We all want to live forever--or, if not forever, at least a long time. As a result, people are always trying new ways to extend their lives. They drink more cold-pressed juices, eat kale by the shopping bag full, and walk swinging their arms more aggressively because of the latest findings in the news reports every day.
And while we all know that the actual secret to a long, healthy life is pursuing a regular diet, consistent exercise, and making sure that your body doesn't get overridden with stress, is there more we can do to prolong our lives?
Turns out, the answer is yes.
In a recent study published by the University of Vermont, researchers found that eating spicy food may actually cause you to live longer. But how does that work exactly, you might ask?
Spices and peppers have long been shown to be beneficial for those suffering from diseases, a practice that dates back as far as mankind has existed on this planet. Yet, there is surprisingly little scientific research behind their positive medicinal effects; in fact, only one other recent study analyzes the correlation between chili peppers and mortality.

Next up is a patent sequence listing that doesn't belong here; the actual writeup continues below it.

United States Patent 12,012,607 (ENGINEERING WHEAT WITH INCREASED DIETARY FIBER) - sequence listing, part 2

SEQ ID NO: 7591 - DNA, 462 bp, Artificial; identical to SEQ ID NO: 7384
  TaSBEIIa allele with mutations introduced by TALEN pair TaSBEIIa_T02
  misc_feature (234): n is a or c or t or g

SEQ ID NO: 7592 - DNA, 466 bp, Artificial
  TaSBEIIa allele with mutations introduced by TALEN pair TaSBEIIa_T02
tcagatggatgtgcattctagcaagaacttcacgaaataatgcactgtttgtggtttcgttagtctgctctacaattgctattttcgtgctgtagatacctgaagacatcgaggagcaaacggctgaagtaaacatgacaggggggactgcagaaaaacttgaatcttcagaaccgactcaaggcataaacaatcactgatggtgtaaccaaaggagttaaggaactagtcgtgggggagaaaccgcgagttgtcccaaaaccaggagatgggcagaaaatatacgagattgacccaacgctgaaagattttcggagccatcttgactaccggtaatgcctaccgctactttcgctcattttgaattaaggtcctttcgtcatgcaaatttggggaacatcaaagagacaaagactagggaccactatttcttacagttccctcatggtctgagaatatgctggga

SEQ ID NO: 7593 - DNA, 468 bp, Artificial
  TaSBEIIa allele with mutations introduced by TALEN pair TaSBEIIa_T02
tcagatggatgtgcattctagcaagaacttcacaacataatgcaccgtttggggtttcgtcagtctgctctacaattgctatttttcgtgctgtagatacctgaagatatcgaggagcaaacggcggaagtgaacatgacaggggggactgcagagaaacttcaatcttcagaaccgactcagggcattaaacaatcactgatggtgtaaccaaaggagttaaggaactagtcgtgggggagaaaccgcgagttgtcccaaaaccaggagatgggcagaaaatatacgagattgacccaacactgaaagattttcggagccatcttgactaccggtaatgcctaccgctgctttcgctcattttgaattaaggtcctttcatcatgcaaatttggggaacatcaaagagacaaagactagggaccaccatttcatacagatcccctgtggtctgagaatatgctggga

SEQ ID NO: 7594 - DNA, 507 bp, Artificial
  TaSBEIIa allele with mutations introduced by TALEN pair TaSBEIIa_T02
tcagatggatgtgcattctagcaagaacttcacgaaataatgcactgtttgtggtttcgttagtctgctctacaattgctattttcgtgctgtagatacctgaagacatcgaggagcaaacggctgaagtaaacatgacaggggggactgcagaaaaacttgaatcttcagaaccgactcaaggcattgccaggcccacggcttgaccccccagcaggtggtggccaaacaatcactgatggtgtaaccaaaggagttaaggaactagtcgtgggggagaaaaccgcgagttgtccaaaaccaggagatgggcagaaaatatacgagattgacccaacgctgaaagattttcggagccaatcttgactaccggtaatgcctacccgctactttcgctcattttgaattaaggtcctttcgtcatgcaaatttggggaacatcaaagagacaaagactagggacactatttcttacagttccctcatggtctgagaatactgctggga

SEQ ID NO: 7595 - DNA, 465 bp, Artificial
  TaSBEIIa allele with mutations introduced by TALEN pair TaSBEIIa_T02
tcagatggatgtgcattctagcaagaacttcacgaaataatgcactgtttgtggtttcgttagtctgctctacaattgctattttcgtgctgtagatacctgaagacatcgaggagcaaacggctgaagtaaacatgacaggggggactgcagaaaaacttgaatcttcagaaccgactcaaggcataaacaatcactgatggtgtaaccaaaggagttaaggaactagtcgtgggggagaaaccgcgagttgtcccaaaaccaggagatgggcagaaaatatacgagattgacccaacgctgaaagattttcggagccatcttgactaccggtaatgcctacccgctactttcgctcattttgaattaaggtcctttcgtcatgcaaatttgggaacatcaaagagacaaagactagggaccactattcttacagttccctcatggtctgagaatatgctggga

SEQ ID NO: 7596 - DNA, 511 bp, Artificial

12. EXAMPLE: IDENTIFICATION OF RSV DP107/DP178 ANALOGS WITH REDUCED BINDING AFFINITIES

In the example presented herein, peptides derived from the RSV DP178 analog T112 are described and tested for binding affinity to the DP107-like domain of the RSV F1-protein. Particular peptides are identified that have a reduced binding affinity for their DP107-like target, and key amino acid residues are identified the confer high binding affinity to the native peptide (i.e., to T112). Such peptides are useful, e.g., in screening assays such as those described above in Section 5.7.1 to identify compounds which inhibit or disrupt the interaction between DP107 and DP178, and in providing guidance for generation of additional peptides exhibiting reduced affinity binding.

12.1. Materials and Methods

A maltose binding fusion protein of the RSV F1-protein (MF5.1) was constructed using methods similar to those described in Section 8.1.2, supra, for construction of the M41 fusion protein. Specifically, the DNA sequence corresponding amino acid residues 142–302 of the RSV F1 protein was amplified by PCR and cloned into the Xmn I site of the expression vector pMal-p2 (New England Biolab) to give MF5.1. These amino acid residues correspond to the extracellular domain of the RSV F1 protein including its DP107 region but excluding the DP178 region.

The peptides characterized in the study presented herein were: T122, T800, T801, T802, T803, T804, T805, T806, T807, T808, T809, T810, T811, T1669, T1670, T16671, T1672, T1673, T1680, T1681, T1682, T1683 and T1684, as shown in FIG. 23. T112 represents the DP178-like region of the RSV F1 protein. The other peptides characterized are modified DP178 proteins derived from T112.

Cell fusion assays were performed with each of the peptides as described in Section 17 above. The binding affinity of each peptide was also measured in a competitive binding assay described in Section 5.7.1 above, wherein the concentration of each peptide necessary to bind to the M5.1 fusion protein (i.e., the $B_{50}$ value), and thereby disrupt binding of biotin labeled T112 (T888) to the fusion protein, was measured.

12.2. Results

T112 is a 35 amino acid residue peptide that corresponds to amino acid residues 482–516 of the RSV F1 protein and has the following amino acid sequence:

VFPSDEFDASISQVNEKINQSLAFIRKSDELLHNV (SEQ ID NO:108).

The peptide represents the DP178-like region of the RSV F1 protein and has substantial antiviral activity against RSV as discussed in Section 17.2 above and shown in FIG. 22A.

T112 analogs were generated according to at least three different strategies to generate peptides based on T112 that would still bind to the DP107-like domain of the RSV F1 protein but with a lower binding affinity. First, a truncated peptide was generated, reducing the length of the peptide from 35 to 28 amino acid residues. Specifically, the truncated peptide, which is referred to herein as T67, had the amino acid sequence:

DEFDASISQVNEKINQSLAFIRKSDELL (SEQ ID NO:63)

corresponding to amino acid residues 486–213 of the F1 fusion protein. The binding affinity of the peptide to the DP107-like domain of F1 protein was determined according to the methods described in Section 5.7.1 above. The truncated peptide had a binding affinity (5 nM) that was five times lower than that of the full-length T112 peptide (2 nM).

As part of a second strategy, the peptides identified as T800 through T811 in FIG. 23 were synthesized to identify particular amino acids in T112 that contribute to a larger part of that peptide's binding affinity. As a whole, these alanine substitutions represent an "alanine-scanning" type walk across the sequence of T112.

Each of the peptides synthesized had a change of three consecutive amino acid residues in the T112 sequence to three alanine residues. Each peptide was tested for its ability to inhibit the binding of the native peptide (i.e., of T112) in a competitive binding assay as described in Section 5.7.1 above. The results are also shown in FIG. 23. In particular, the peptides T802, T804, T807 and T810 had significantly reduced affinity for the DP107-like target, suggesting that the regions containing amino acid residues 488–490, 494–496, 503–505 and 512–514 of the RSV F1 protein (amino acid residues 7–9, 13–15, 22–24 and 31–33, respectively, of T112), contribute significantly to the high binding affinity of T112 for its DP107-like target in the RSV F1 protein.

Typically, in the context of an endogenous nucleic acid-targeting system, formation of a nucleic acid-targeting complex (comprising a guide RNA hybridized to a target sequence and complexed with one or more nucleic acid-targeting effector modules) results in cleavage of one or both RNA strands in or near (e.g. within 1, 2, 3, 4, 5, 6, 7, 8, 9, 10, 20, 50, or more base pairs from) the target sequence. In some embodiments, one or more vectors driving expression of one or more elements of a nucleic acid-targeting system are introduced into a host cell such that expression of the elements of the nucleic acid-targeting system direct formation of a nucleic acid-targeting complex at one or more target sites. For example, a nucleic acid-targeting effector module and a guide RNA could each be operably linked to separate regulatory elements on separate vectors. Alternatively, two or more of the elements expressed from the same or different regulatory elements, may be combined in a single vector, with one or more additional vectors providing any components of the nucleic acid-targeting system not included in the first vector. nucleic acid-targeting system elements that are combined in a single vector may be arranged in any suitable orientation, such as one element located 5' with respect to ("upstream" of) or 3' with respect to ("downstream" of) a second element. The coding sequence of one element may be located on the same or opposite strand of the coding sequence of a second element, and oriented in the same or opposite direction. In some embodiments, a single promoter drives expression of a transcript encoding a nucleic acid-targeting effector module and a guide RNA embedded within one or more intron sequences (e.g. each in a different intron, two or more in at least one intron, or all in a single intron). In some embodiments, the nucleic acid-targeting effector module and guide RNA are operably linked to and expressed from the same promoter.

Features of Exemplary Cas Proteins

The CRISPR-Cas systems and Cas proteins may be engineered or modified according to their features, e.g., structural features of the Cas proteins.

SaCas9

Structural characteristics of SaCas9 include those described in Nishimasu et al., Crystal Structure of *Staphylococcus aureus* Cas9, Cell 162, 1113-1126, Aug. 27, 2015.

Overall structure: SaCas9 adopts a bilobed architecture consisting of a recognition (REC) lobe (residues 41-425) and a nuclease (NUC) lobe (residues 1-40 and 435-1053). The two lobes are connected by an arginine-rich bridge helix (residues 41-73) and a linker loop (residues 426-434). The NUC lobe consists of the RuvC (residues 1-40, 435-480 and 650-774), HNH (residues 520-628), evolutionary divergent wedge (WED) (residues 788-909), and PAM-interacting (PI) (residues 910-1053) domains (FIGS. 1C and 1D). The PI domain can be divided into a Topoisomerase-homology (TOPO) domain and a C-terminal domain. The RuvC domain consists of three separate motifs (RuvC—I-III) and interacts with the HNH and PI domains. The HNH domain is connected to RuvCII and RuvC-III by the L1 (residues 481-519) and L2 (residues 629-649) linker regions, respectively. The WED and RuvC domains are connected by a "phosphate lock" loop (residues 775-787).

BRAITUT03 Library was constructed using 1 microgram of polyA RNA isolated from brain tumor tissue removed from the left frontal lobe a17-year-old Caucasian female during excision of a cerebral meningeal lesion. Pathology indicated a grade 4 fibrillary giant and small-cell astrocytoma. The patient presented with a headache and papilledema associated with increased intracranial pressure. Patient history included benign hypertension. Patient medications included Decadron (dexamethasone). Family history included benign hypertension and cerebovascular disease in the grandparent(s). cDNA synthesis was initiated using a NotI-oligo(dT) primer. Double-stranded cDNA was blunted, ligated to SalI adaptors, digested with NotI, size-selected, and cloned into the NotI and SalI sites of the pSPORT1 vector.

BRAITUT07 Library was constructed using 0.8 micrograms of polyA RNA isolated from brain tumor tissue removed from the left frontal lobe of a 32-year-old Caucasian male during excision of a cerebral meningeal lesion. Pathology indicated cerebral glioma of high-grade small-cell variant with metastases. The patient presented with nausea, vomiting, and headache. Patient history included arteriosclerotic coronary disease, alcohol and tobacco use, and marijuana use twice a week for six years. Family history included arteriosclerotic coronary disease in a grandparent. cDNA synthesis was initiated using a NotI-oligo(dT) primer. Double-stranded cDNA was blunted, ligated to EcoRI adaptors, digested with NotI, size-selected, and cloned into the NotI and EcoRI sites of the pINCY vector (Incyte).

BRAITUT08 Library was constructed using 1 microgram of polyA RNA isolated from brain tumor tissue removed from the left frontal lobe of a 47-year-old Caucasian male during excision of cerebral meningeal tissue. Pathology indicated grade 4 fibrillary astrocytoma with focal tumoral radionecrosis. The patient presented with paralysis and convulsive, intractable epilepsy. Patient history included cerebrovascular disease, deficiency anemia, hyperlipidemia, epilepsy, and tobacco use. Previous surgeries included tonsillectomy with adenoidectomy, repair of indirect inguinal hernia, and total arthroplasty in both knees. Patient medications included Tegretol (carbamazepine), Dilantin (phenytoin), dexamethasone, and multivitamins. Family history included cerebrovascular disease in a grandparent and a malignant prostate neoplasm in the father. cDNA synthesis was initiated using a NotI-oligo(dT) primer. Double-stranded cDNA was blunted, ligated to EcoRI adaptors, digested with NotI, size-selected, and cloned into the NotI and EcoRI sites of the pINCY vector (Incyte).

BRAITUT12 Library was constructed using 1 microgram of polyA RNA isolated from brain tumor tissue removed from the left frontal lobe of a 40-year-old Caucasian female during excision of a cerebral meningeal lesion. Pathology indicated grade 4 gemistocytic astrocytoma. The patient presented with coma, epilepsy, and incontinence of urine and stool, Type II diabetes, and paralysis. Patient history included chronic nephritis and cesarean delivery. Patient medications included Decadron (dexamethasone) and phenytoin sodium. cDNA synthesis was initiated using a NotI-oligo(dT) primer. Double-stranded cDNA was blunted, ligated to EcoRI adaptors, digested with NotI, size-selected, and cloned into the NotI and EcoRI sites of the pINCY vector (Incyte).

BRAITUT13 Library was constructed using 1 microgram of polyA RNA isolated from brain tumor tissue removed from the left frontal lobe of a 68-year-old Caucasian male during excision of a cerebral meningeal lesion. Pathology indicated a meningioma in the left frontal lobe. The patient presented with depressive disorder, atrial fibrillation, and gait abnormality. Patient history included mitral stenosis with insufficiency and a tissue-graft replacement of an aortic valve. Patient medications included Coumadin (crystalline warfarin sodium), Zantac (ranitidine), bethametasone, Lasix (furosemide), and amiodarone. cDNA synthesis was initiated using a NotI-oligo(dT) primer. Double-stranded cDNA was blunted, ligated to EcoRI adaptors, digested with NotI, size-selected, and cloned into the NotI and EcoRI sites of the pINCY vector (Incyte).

The 2017 study conducted by the Larner College of Medicine at University of Vermont pulled data from National Health and Nutritional Examination Survey (NHANES) III data collected from more than 16,000 Americans from across 23 years. Participants were asked to provide baseline characteristics, alongside their respective levels of hot chili pepper consumption.
Ultimately, it was found that those who consumed greater amounts of hot chili peppers possessed a 17% lower mortality rate than those who did not, notably in deaths related to heart disease or stroke. The reason for the preventative action of hot chili peppers could potentially be attributed to the fact that the protein channel activated by the spice--capsaicin--may be responsible for the observed relationship.
Further research between consumption of generally spicy food--and perhaps, certain spices in particular--is necessary to further qualify the study and best provide readers with the ultimate key to living a long, healthy life. But it appears that at least one secret to living a long life might be easily found at your local grocery store.